Marijuana growing in Hydro: hydrotin rocks question

A question from a fellow grower:

What would cause my hydrotin rocks in my hydroponic to turn white?

That is dried salt from your nutrients. All you need to do is: Get a bottle of any flushing agent sold by hydro store. I use Clearex by Botanicare. This product is designed to to draw out and dissolve salts in your plant and your medium between grows.

Some will say to bleach the hydroton, but I do not believe in using a slat to clean a salt. A commercial flushing agent is a great investment to have in the grow room. Peace.lw

An update from the fellow grower:

Thanks,will it hurt the plants? And do I need to do that now or before I use them again?

If you are talking about on the top of your hydroton in a current grow, then certainly do not use bleach! LOL This is salt and mineral build up from your nutrients and your water. It is very similar to lime buildup in your shower, sink, bathtub and toilet, etc. especially if you have hard water. This will happen more if you are using hard tap water in your hydro reservoir and is one of the reasons most hydro growers prefer to use r/o filtered water. In general, most of the time this will not harm your plants, however it could lead to nutrient imbalances in extreme cases – as it is representative of excessive nutrients or minerals in your hydroponic system’s water, also it sometimes is partially caused by a ph imbalance and hard water does tend to be a little on the alkali side of things. If you are in the middle to nearing the end of a grow – this may be normal – and as long as you have been changing out your nutrient water with a complete replacement of a fresh mix every couple to a few weeks, or more often in smaller reservoirs, you shouldn’t have a problem. Most of this will go away with a normal wash of your hydroton between uses, even when washing with plain old water. Using a commercial “flusher” is not a bad idea and many are safe to be used with a live plant and are often used in the final “finishing” week or two at the end of flowering, right before the harvest.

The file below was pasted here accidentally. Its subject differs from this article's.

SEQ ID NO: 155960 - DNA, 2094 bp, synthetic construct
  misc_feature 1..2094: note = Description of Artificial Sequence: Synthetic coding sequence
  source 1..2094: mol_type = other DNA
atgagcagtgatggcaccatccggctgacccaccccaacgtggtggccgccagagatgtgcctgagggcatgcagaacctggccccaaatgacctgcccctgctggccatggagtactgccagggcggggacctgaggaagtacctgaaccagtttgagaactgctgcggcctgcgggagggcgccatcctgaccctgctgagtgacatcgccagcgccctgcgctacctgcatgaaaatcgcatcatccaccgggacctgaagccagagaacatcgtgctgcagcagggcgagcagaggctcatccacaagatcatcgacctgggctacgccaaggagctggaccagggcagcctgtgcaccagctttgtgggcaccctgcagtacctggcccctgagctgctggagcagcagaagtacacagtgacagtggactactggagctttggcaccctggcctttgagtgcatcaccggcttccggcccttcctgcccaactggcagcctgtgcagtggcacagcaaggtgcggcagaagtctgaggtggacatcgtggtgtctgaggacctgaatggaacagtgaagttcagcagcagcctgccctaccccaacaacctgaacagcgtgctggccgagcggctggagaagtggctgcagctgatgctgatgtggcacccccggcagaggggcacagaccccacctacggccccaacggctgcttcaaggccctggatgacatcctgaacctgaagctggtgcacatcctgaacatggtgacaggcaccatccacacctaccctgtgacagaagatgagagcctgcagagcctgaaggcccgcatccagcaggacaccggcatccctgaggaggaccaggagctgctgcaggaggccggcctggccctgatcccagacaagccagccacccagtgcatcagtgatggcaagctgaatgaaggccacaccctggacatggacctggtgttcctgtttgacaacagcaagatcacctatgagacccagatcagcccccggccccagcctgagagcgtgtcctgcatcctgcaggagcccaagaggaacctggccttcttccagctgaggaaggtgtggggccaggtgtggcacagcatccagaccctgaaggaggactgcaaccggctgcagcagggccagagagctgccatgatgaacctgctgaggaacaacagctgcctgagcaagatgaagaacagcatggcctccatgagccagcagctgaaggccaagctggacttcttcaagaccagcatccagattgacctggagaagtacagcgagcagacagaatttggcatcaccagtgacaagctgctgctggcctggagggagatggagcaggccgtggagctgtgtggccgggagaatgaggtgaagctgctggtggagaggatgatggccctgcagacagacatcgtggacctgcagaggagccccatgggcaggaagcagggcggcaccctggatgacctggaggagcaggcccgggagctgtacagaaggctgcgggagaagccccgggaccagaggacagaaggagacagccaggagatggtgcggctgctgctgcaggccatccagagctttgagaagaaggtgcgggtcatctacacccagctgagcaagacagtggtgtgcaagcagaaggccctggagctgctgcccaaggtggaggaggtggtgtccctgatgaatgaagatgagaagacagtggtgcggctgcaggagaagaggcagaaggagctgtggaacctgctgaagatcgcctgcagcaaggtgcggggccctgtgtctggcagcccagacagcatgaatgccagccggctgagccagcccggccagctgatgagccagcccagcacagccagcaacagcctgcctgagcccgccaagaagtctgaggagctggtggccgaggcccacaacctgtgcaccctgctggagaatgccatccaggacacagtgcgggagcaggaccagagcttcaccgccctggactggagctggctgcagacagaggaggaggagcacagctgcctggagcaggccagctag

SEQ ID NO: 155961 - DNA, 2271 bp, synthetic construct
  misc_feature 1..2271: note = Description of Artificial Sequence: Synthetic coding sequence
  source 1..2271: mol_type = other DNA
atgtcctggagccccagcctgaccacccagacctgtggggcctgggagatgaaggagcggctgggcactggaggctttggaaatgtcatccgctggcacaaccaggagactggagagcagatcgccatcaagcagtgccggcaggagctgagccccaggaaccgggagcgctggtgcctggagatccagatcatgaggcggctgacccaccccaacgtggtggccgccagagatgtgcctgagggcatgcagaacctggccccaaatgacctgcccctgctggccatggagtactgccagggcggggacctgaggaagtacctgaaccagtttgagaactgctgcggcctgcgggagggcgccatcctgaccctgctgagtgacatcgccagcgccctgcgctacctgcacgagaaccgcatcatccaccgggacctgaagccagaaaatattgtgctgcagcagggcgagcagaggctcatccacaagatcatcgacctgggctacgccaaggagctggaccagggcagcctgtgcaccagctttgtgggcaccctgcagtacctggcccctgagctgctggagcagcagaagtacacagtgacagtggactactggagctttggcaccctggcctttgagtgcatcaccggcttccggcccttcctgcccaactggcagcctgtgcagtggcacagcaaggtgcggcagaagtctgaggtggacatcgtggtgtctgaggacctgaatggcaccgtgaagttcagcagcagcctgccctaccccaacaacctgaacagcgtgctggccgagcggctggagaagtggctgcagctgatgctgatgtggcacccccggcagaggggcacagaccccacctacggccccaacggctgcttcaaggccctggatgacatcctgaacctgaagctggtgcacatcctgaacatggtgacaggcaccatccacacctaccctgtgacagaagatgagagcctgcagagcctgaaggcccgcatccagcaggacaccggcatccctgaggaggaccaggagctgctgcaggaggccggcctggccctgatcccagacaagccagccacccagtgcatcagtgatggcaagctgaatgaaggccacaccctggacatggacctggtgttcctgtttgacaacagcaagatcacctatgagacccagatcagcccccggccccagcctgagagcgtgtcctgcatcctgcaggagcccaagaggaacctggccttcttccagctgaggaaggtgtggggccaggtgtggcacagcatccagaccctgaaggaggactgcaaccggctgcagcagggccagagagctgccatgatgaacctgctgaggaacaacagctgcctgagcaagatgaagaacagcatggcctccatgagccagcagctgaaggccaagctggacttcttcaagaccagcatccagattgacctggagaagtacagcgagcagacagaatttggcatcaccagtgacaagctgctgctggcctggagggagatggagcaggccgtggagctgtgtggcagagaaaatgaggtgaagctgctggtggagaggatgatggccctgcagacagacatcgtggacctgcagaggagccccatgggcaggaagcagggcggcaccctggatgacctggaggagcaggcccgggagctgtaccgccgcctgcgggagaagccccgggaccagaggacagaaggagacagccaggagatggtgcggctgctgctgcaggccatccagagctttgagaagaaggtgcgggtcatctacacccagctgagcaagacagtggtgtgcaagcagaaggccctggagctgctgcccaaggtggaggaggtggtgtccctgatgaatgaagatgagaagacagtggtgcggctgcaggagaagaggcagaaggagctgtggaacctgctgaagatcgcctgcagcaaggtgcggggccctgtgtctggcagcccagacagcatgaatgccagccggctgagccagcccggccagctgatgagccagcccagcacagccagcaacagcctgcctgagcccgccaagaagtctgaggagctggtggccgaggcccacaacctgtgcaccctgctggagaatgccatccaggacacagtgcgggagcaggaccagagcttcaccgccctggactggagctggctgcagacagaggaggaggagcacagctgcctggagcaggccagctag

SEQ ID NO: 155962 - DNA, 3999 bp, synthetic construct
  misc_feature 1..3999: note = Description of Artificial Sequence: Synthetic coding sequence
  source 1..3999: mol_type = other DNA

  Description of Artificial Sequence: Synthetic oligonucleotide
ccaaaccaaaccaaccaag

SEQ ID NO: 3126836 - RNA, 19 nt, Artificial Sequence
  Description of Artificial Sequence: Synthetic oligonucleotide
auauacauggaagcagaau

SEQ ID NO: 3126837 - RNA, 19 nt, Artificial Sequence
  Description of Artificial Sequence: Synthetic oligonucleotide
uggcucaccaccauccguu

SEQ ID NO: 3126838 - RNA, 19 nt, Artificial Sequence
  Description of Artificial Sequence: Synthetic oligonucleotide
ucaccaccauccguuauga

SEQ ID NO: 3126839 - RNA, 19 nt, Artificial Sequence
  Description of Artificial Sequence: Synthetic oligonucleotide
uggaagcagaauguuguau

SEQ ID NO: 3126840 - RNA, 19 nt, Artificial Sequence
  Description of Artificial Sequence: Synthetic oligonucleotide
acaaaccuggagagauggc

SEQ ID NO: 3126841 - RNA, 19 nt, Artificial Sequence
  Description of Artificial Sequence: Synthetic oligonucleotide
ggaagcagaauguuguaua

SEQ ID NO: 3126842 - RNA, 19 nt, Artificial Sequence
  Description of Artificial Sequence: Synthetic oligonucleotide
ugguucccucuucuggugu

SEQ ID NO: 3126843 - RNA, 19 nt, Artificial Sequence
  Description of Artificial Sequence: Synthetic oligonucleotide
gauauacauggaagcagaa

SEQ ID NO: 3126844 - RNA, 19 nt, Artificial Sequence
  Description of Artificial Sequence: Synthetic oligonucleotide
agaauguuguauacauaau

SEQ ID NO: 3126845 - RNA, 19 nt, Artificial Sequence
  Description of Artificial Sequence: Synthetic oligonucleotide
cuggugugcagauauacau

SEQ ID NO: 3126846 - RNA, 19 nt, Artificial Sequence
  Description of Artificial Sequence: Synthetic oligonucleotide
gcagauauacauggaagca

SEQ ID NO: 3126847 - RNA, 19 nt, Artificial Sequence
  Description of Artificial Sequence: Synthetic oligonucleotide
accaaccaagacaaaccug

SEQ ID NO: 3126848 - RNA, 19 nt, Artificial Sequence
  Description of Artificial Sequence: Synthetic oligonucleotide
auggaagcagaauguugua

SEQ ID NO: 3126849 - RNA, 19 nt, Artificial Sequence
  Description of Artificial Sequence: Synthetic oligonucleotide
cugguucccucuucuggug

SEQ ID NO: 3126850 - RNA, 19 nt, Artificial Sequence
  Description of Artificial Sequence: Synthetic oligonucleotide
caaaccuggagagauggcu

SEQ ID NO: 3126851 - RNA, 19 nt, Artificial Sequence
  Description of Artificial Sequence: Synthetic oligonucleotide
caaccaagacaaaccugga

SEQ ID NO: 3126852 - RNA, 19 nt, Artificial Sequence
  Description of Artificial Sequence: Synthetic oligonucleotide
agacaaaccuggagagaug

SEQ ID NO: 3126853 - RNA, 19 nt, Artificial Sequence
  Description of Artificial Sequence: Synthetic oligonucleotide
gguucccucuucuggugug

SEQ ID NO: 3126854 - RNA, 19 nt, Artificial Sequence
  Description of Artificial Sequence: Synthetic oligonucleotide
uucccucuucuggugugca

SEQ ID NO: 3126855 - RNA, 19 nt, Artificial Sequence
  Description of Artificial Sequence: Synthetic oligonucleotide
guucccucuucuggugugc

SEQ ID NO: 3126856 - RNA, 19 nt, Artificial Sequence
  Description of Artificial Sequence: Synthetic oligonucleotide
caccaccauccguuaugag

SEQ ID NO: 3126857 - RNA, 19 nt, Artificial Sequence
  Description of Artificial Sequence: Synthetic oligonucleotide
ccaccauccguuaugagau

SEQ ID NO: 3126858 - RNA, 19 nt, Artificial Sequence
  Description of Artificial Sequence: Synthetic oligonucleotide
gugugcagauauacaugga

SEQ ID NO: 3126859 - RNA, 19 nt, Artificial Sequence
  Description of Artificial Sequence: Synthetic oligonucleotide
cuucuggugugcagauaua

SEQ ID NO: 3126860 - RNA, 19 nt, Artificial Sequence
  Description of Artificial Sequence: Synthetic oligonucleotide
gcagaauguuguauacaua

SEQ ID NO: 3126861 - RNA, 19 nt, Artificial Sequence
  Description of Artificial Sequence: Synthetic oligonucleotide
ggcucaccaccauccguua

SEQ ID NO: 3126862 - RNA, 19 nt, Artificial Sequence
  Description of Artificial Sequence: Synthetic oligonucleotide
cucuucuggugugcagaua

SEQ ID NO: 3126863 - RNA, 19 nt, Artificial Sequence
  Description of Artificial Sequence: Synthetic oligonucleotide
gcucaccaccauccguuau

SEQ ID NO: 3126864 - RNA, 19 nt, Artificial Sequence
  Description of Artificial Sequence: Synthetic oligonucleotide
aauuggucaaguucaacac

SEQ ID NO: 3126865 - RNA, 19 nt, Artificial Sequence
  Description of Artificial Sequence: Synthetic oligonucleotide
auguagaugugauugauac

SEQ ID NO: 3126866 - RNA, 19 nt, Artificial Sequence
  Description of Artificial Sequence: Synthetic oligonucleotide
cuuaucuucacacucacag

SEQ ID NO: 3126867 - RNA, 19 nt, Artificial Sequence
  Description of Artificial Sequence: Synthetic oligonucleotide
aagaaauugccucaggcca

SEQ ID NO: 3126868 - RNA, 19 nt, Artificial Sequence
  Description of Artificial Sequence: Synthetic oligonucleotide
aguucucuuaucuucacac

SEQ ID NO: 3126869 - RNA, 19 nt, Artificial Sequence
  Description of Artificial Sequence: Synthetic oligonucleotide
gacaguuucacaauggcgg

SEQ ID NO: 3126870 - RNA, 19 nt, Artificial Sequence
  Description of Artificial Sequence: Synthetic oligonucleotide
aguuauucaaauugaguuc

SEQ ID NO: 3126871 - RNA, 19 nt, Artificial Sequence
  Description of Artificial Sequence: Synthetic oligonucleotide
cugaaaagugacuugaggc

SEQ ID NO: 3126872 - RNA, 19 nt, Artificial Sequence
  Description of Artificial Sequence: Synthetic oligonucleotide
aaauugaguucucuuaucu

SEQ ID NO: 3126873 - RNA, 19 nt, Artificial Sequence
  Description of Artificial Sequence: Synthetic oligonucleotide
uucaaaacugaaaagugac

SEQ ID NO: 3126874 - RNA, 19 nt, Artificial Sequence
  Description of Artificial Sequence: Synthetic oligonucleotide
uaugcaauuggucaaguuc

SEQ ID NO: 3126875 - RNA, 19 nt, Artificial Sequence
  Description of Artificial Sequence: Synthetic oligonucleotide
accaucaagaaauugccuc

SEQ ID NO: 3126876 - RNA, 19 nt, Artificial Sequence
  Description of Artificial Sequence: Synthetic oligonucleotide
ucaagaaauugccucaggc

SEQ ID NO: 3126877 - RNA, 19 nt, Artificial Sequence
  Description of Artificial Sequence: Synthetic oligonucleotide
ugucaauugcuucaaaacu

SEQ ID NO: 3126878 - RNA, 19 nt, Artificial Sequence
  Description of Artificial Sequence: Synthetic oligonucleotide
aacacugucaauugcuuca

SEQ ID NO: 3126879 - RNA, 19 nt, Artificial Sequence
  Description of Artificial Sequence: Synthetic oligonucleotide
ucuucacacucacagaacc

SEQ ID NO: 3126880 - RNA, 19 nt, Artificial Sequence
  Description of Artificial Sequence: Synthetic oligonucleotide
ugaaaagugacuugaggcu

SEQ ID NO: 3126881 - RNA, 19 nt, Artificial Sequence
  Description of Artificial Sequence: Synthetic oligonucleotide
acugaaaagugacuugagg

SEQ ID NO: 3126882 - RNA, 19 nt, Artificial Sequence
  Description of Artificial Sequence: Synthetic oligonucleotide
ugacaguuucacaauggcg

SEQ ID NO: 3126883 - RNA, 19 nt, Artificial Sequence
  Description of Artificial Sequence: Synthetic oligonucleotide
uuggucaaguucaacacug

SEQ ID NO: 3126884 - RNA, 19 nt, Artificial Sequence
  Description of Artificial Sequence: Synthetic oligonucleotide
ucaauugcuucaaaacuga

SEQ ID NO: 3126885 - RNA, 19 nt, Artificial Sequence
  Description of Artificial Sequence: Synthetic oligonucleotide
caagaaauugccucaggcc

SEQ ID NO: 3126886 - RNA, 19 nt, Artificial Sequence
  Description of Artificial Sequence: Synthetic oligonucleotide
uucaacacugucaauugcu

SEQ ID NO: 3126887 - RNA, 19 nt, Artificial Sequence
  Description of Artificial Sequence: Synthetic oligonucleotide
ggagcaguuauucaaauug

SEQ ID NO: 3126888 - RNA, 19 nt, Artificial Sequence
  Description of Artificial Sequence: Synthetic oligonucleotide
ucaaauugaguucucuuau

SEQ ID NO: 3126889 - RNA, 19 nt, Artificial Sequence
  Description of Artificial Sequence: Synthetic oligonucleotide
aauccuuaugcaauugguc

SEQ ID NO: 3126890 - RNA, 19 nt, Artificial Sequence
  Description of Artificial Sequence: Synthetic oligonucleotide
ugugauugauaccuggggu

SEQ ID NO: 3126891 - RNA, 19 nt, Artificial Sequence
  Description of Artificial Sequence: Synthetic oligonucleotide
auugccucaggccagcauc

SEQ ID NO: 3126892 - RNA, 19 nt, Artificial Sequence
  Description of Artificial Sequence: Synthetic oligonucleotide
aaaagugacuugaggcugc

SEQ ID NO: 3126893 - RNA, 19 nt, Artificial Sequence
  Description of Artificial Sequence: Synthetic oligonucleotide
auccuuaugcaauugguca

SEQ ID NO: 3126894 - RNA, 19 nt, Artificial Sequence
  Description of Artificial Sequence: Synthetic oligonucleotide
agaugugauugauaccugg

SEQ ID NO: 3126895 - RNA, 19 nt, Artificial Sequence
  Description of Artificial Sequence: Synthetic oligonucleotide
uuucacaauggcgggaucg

There is absolutely no reason you cannot clean your hydroton with a flush agent and re-use immediately. IN the process of cleaning you will rinse thoroughly; I thought was a given.

As far as whether or not to clean it in the middle of your grow; We need to know: What system are you using?

How far along are you in your grow?

In a bubbler I would not mess with it until harvest and cleaning, because the roots that are uptaking nutrients are under the net pot. If you are dripping, then it would be a matter of how far do you have to go. I’ll check back later for your response. Peace.

Of course I was answering this from the assumption you are using a Deep Water Culture system, as hydroton seems to be used most often in a net pot in a DWC bucket nowadays.
I get this question very frequently with new DWC growers that do not have the top of their hydroton covered by anything; asking about the white powdery or salty looking stuff that appears on the top, and I kinda assumed that is where the questioner’s mind was, lol.